Nervous energy is dangerous. Deal with it daily, or it will destroy your health – physically and mentally.
Morgan Leslie Siegel died at the age of 29. For six years, she grappled with the condition that started as low self-esteem and worsened into depression. During this period she stuck with a single therapeutic mode of prescribed antidepressant medications, even though the combination seemed to just make her worse. Finally, in desperation, she committed suicide.
Low self-esteem is a result of chronic stress. Actually, it is not only a result of but also a reaction to chronic stress. There is a mind-body link. Anxiety causes stress just as stress causes anxiety.
The worries, frustrations and demands of modern life are stressful. You can protect yourself by recognizing the signs and symptoms of stress and by taking steps to reduce its harmful effects. A clear effect of stress is nervous energy.
Nervous energy is not a form of energy that builds up like a compressed spring that needs to be released. Children that can’t wait to get out of class for recess are not full of “nervous energy.” They are just anxious to do something that is a lot more fun than what they’ve been doing. Playing is more fun and exciting than sitting in a classroom.
Nervous energy by definition is:
- an excess of energy that you have when you are apprehensive or worried (Webster).
- extra energy that courses through the body due to various stress hormones producing telltale nonverbal behaviors.
The Downward Spiral Caused by Nervous Energy
Nervous energy is energy caused by stress. To your body, “energy” means only one thing – glucose (blood sugar). Every cell in your body must have energy to survive. Each cell receives energy through the bloodstream.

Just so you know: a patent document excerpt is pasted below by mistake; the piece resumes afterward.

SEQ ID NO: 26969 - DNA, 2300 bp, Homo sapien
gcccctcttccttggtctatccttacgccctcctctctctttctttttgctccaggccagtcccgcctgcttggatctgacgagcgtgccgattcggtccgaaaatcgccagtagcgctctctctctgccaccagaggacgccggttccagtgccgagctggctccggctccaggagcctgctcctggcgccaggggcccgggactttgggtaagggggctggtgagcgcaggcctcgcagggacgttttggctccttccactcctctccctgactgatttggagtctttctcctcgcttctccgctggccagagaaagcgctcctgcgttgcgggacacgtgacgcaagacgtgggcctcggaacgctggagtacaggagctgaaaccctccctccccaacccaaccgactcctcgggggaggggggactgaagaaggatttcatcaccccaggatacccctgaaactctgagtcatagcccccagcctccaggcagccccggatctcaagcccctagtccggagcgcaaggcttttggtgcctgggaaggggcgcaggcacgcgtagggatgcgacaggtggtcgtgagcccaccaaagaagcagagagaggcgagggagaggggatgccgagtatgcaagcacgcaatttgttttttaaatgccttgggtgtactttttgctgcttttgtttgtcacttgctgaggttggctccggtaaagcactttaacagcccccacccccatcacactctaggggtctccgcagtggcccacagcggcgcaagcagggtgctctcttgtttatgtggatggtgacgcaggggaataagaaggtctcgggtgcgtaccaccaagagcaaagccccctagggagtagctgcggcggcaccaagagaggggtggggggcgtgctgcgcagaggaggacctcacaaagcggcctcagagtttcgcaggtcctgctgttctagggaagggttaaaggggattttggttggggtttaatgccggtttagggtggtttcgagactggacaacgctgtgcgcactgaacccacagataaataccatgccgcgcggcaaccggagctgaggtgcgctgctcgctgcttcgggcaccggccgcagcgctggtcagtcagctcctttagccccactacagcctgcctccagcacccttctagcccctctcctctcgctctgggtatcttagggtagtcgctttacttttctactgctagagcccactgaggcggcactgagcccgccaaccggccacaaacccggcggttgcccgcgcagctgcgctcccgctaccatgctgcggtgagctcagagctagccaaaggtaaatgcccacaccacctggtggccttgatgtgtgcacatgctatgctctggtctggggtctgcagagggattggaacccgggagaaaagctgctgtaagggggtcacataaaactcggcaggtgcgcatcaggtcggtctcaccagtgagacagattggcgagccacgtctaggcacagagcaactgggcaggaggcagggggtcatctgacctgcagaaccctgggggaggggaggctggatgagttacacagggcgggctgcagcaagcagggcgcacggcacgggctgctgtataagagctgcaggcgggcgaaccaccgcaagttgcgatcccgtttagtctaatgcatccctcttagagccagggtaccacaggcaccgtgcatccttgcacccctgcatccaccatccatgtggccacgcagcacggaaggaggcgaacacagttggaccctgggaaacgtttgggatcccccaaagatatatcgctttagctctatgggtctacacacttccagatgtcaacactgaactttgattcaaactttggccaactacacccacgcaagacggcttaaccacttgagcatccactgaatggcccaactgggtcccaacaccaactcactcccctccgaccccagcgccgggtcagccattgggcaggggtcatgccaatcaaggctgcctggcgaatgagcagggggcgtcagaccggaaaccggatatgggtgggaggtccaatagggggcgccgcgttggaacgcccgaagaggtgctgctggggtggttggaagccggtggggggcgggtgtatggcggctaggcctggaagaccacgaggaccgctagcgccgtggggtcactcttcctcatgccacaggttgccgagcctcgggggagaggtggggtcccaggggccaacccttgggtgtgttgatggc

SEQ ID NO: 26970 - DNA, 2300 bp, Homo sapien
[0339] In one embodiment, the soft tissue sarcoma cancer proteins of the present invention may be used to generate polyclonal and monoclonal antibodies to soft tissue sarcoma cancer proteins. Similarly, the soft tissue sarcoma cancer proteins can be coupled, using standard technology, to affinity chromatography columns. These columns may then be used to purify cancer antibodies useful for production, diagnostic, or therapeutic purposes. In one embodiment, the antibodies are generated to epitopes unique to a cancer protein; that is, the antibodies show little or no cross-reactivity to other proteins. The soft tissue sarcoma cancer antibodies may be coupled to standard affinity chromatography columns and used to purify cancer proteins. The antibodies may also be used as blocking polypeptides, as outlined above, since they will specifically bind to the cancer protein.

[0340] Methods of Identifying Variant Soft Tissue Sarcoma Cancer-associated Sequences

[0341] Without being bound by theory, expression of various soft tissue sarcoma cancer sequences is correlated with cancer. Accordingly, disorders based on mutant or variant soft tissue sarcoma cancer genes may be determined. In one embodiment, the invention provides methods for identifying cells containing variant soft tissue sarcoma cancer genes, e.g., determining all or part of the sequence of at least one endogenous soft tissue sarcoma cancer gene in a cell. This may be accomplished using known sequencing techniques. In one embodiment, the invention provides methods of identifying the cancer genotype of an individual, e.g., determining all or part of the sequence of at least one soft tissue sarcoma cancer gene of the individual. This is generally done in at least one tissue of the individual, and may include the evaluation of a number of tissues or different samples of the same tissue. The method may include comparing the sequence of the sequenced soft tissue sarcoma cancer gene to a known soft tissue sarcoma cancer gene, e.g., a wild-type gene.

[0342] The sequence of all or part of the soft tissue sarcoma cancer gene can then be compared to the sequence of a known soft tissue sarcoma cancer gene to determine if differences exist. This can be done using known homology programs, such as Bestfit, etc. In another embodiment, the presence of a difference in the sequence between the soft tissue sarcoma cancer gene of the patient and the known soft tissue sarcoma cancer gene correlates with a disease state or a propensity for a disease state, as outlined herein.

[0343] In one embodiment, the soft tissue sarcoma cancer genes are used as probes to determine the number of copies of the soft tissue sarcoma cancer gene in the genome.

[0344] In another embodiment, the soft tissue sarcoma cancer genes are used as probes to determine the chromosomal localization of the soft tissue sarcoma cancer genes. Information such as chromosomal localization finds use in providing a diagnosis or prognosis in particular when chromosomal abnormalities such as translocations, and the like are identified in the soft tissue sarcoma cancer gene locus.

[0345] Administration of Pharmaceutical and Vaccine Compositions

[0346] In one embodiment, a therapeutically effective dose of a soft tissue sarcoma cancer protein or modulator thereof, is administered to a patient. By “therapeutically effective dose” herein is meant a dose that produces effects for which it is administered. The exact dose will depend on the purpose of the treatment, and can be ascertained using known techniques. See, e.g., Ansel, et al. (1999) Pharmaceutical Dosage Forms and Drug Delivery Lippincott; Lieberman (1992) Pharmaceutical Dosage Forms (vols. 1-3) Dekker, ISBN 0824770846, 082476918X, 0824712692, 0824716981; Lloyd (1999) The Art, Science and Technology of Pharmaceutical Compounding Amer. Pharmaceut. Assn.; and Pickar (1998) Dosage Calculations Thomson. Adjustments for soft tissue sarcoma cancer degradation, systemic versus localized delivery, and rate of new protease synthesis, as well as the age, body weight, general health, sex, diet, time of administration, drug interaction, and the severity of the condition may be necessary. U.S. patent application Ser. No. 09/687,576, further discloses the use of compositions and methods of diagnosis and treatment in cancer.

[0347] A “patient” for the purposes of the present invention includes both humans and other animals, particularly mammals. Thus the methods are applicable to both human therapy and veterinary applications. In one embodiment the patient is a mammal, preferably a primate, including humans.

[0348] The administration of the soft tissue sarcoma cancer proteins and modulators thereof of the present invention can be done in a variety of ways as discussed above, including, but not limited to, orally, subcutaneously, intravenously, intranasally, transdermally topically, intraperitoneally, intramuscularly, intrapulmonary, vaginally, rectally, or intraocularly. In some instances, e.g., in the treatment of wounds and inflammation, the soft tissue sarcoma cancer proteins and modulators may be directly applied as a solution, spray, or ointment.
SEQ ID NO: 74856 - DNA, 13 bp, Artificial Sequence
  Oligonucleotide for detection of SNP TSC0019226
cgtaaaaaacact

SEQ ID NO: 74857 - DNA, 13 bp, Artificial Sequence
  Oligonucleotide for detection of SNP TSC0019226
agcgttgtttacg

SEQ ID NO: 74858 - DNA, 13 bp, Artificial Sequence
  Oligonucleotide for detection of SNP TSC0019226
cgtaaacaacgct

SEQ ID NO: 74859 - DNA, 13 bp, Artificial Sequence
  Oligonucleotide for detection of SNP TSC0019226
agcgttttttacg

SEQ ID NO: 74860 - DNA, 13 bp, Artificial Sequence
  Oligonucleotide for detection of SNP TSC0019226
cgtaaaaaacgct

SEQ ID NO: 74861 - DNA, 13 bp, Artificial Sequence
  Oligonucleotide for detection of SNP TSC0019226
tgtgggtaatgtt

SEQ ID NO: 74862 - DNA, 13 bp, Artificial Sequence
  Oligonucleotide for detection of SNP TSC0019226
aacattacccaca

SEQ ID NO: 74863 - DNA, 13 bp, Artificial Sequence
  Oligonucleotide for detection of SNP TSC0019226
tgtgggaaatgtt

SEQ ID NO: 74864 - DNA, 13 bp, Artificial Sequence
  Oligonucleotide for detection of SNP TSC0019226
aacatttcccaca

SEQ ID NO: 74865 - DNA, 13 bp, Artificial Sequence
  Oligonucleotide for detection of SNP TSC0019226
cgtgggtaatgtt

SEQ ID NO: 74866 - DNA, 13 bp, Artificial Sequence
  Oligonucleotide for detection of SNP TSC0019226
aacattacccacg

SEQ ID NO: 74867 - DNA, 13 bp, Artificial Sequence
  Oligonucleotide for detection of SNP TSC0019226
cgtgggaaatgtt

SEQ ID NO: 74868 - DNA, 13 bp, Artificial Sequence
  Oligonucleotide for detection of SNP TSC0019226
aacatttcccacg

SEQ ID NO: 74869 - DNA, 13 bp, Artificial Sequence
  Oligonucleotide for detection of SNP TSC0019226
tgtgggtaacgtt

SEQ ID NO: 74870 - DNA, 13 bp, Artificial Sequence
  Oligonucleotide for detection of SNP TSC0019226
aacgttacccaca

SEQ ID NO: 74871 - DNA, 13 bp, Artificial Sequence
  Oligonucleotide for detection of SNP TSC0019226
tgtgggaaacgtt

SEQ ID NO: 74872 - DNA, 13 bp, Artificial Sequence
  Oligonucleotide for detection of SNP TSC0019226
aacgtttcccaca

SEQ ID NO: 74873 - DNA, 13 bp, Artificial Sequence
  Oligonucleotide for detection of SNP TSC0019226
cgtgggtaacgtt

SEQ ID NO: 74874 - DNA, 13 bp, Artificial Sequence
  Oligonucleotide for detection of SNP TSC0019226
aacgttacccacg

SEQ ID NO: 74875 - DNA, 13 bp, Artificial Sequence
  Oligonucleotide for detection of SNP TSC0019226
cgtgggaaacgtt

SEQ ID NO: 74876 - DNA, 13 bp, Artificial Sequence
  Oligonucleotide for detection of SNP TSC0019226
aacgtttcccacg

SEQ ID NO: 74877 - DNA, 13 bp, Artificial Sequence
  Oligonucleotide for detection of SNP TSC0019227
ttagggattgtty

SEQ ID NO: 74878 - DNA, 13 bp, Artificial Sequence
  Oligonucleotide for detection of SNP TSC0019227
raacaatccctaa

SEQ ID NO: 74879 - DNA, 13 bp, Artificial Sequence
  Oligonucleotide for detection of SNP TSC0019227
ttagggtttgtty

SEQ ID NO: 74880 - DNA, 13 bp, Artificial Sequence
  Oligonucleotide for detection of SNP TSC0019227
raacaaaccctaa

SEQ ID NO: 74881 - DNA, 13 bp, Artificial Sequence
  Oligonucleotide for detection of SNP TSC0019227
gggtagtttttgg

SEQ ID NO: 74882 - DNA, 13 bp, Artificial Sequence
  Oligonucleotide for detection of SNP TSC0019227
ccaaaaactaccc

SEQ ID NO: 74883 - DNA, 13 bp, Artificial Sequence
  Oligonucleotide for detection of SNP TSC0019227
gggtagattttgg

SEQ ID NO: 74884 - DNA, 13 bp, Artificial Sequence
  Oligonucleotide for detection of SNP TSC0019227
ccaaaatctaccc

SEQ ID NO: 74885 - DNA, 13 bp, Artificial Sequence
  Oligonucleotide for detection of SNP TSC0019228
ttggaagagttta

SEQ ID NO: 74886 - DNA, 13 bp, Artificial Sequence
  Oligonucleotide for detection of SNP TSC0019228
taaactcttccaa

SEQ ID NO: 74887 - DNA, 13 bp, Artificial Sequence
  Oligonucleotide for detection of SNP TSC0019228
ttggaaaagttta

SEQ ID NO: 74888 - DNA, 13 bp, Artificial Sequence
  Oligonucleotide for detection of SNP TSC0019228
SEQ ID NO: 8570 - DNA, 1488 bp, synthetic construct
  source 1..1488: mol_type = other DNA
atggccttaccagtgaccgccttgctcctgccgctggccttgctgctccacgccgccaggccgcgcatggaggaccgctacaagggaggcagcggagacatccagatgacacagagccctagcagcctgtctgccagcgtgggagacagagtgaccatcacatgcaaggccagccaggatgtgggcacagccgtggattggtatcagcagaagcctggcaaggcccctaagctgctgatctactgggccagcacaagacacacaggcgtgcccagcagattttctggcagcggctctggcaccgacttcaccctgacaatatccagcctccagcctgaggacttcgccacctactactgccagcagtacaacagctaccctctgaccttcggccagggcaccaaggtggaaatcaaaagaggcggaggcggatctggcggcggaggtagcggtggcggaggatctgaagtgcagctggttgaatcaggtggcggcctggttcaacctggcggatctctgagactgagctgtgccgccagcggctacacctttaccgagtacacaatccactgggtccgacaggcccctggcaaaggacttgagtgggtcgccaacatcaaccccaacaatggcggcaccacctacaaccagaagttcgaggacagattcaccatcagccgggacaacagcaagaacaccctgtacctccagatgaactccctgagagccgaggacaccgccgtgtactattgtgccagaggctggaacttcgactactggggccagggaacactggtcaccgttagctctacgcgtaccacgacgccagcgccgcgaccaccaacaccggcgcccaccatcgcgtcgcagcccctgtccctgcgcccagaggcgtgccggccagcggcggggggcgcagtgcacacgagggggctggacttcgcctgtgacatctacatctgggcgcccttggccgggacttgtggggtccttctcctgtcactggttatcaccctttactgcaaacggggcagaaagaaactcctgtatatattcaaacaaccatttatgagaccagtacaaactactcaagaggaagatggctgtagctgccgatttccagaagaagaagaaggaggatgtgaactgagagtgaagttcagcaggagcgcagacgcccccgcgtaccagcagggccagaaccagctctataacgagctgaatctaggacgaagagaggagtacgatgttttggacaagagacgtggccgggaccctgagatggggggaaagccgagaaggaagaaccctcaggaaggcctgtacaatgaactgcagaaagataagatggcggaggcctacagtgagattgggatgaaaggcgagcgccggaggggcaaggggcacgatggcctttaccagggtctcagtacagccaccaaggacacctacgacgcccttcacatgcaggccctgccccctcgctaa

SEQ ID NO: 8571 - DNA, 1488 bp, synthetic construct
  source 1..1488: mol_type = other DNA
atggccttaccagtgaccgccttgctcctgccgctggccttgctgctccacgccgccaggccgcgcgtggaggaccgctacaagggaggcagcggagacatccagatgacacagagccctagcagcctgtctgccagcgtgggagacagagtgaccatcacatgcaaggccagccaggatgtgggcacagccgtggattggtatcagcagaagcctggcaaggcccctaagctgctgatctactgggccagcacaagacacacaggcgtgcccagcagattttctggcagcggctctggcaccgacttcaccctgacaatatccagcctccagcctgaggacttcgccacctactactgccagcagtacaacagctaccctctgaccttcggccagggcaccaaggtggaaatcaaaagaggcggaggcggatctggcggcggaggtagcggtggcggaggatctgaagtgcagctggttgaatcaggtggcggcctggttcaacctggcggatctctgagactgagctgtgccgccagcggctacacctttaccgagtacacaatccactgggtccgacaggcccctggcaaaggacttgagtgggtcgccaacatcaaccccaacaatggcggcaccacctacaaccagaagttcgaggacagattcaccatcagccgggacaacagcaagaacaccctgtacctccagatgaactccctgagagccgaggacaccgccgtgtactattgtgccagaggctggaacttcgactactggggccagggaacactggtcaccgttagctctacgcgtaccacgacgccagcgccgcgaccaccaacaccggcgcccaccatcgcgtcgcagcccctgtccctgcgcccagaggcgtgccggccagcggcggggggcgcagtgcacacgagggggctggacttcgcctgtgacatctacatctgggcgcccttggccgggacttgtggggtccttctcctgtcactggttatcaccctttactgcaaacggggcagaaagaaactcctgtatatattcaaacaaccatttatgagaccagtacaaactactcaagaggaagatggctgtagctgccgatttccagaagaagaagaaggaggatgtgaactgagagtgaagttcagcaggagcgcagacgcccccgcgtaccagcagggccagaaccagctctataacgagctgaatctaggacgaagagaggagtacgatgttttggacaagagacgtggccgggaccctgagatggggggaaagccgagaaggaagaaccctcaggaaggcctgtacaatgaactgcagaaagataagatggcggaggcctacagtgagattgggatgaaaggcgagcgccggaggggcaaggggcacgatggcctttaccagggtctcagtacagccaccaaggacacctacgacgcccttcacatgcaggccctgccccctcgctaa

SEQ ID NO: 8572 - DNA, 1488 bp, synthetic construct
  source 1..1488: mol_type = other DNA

It is the body’s job to protect you. When it gets the message you are in danger it responds by releasing a flood of hormones, which include adrenaline and cortisol. This danger can be any type of threat to your physical or emotional well-being. These stress hormones rouse the body for emergency action. This stress response is your body’s way of protecting you.
The downward spiral:
- Cortisol causes your blood sugar to increase, providing extra energy to be available for your muscles; then,
- When blood sugar (glucose) is increased in the bloodstream, the pancreas releases insulin into the bloodstream. This extra insulin in the bloodstream leads to insulin resistance; then,
- insulin resistance causes metabolic syndrome.
In other words, nervous energy causes a sugar high/sugar low cycle which leads to insulin resistance. Insulin resistance is directly linked to serious health problems such as cancer, heart disease, heart attack and stroke, immune suppression, type 2 diabetes, infertility, brain fog, dementia, chronic fatigue, and skin conditions,
In small doses, stress isn’t always bad; but, when you are constantly running in emergency mode, your mind and body pay the price. Ongoing worry and anxiety cause your body’s stress response to stay “on” most of the time.
How Can This Downward Health Spiral Be Stopped?
Exercise is one of the most recommended stress management techniques suggested by health professionals.
Health officials recommend at least 30 minutes of daily moderate physical activity (brisk walking or swimming). I suggest you start a walking regime today, and then “upgrade” your routine in the future. The most important aspect of a physical activity is to pick an activity you enjoy and make it a regular routine.
In 1999, Morgan Siegal’s parents were so inspired by the belief that Morgan’s tragedy could have been avoided if she had access to unbiased, reliable information that gave her a sense of hope and direction, that they launched the website “Helpguide.org.”
Helpguide.org has grown to an internationally recognized resource serving over 50 million people a year.
Because stress can be in any type of threat to your emotional well-being, if you are experiencing ongoing anxiety or depression, in addition to exercise, I recommend this resource: Helpguide.org stress management, click here. Helpguide.org relaxation techniques, click here.
- Insulin Resistant: The Benefits of Losing Weight (thyroid.answers.com)